“Daniel and Maria were thrilled; they had just found the perfect conference to enjoy their munomance. It was far from their circuit, low key participation from MUN brands and was a very cheap deal. They arrived excited at the opening ceremony’s venue just to find out that there was no conference to happen because the organizers used the conference’s fees for personal reasons and not to prepare for the simulation. They enjoyed their trip even better but later when they would break up he would set up a conference online just to boycott hers and simply delete the pages a day before. He did so, avoided time behind the bars due to his good lawyers and never spoke of it. Later that year Maria would imitate his behavior by passing off huge conference’s debts to other people and leave a hell for them to deal with. Unfortunately, their mun story was inspiring to others who thought that it would be profitable to pretend acting as official partners of several high profiled institutions and convince airlines to give them a free long distance flight (plus two days stay at transit locations) in order to have a crisis simulation.
Some years later, Daniel would attempt to set up another innovative for his pocket conference, but logistical mishaps prevented that from happening. He never returned the money though. As for Maria, she tried to use Daniel’s name to open some doors as a MUN teacher but didn’t work out since Daniel had no previous MUN training experience.
The names are changed, the stories are real and the reference to a romance was made just to keep you reading. The moral though, of all these incidents is that scam simulations exist and unfortunately we need to know how to detect/ avoid them. By scam we mean situations with a lot of clues pointing to a monetary fraud, bad quality is a separate issue.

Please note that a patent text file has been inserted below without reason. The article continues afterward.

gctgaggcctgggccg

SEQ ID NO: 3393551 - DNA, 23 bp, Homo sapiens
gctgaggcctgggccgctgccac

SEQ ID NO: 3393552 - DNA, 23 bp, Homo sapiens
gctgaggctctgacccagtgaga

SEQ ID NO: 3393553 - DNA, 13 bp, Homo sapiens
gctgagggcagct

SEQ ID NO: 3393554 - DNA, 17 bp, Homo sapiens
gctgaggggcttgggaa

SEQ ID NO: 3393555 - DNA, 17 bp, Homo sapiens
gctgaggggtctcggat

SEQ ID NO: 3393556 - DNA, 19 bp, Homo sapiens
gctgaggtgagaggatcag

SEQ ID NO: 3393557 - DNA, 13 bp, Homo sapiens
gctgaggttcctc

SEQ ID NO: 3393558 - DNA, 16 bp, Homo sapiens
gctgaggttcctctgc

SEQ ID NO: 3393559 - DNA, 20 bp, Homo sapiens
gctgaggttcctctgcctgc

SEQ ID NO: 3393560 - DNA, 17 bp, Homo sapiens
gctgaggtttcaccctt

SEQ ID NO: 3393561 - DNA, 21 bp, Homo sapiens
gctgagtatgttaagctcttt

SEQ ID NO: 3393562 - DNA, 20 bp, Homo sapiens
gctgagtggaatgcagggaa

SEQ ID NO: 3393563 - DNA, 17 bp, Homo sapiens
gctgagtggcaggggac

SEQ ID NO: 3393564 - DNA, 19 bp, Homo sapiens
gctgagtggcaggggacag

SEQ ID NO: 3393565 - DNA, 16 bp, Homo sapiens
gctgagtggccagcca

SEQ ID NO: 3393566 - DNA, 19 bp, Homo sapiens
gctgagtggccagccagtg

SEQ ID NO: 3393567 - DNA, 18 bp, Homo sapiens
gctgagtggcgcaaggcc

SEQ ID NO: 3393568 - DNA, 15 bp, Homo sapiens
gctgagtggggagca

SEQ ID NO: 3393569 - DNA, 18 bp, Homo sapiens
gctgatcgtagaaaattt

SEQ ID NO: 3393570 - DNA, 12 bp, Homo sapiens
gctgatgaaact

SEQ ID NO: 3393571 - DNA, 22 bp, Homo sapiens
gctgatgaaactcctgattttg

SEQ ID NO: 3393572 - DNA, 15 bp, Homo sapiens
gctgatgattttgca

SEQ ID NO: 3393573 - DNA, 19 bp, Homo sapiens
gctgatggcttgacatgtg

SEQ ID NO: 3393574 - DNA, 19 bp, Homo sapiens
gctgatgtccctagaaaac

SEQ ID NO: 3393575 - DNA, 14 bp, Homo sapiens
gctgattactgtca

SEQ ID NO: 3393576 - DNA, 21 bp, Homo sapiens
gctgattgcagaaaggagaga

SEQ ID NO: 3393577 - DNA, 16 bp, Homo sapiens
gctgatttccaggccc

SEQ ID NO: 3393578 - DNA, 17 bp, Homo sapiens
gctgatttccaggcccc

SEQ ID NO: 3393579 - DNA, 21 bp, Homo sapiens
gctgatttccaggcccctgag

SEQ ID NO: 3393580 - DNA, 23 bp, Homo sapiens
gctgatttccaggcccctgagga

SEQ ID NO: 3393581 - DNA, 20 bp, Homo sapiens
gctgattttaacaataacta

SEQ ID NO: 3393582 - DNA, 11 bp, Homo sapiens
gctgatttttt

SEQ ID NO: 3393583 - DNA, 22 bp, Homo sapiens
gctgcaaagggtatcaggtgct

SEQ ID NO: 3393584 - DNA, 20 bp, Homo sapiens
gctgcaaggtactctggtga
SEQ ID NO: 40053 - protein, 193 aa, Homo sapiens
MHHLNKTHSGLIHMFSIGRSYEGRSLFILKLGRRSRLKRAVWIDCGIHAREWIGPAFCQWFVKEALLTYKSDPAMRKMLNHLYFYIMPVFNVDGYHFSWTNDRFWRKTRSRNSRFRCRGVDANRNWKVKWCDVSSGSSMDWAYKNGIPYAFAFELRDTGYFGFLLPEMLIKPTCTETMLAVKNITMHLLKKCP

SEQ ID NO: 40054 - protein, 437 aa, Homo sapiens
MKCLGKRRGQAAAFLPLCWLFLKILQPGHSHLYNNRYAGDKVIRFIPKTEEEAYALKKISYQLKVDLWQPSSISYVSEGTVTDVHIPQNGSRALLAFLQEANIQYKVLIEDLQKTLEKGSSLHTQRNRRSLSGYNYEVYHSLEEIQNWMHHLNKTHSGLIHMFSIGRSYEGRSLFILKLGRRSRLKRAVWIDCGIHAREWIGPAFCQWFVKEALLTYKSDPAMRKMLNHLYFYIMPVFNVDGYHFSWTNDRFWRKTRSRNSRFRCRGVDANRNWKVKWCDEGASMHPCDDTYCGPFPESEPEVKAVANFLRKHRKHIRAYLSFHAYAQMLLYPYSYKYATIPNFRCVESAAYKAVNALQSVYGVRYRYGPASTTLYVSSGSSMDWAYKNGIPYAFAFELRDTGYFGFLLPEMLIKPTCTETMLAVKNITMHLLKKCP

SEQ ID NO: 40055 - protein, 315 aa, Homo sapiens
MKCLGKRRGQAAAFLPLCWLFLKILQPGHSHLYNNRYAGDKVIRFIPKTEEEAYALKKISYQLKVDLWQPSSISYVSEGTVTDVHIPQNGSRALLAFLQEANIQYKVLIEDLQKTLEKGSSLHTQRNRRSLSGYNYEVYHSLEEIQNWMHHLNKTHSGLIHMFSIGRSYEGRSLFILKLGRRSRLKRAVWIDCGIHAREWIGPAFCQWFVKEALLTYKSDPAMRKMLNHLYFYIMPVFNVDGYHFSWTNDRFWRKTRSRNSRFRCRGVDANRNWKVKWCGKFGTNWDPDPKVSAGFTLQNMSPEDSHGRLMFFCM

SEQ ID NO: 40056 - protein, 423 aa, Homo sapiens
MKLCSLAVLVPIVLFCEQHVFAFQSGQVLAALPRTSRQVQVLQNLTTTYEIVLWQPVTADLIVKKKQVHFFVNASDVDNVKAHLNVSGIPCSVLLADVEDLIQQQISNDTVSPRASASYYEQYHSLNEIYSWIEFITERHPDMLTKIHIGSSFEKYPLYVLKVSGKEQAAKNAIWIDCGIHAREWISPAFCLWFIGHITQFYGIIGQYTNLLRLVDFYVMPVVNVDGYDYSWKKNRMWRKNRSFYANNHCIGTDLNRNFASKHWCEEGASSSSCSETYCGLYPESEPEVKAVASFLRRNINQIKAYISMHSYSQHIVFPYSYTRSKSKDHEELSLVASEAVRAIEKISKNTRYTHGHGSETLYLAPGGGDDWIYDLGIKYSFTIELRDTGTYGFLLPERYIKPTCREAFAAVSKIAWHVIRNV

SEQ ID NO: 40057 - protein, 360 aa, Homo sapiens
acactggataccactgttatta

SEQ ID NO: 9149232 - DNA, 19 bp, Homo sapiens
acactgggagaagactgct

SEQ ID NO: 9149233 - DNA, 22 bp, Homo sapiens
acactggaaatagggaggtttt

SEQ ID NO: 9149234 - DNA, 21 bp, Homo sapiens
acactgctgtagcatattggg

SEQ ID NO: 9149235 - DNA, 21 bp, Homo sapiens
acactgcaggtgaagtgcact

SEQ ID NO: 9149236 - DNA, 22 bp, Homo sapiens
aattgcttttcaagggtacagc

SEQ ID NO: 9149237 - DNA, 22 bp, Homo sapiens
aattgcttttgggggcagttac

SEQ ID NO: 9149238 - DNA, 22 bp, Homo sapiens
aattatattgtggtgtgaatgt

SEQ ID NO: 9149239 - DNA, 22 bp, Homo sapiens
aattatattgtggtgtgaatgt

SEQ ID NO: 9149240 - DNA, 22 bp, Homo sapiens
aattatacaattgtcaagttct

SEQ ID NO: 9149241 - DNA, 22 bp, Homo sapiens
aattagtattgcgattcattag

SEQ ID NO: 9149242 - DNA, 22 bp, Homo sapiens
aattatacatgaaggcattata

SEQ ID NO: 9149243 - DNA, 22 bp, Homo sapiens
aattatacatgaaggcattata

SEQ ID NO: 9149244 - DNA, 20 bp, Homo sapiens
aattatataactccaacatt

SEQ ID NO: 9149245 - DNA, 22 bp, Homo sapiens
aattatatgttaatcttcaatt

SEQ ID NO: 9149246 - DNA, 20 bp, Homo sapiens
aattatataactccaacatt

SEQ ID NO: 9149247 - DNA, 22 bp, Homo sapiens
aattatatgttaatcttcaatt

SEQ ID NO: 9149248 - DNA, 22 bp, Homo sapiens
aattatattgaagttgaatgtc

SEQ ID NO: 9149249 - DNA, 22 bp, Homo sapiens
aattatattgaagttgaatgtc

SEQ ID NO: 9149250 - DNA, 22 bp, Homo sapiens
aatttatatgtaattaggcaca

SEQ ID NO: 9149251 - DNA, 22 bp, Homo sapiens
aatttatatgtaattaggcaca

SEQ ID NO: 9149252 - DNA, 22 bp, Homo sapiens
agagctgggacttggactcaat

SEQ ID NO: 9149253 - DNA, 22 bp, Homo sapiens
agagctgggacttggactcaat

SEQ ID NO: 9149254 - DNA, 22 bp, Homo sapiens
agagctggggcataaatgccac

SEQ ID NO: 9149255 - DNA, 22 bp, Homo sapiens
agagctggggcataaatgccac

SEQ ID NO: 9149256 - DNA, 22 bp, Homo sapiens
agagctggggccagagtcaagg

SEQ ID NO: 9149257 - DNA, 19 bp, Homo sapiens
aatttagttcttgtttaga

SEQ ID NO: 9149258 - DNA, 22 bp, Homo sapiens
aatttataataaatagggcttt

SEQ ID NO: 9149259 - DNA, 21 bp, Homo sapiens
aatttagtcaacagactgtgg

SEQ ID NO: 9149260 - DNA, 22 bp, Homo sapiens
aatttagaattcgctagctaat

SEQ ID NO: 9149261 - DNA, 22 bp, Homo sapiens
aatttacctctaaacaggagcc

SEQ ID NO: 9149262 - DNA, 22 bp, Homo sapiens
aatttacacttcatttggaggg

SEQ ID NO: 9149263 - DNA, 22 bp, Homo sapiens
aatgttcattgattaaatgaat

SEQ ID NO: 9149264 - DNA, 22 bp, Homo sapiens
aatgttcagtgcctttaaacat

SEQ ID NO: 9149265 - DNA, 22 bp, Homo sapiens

In simple words:
1)Transparency is the key: if no people are mentioned on web pages and from e-mail communications the answer is “the team” you have every right to refuse to proceed to payments;
2)Variety of payment methods: if only one exists, there is no flexibility and you don’t want to share money via an unsafe portal (in some countries not all methods are equally web safe) there’s a high chance you are walking to a scam;
3)More patrons that committees: The vague reference of “many valuable supporters” with no supporting documents can mean either that the IT person is lazy and hasn’t uploaded the appropriate info or that there are simply no affiliations, therefore, a scam;
4)Virgin edition: In some countries, MUN is not a thing and if you see an inaugural edition taking place without sufficient presentation of the activity, it has significant chances of being another scam.
5)Weird application: Extremely lot personal details for a delegate spot? Better stay away then…
6)Plagiarised template: Yes, true story has happened. If you see a well-known template being used in an almost not known conference then it is a scam one.
It’s not that difficult, and if you have any other criteria feel free to share!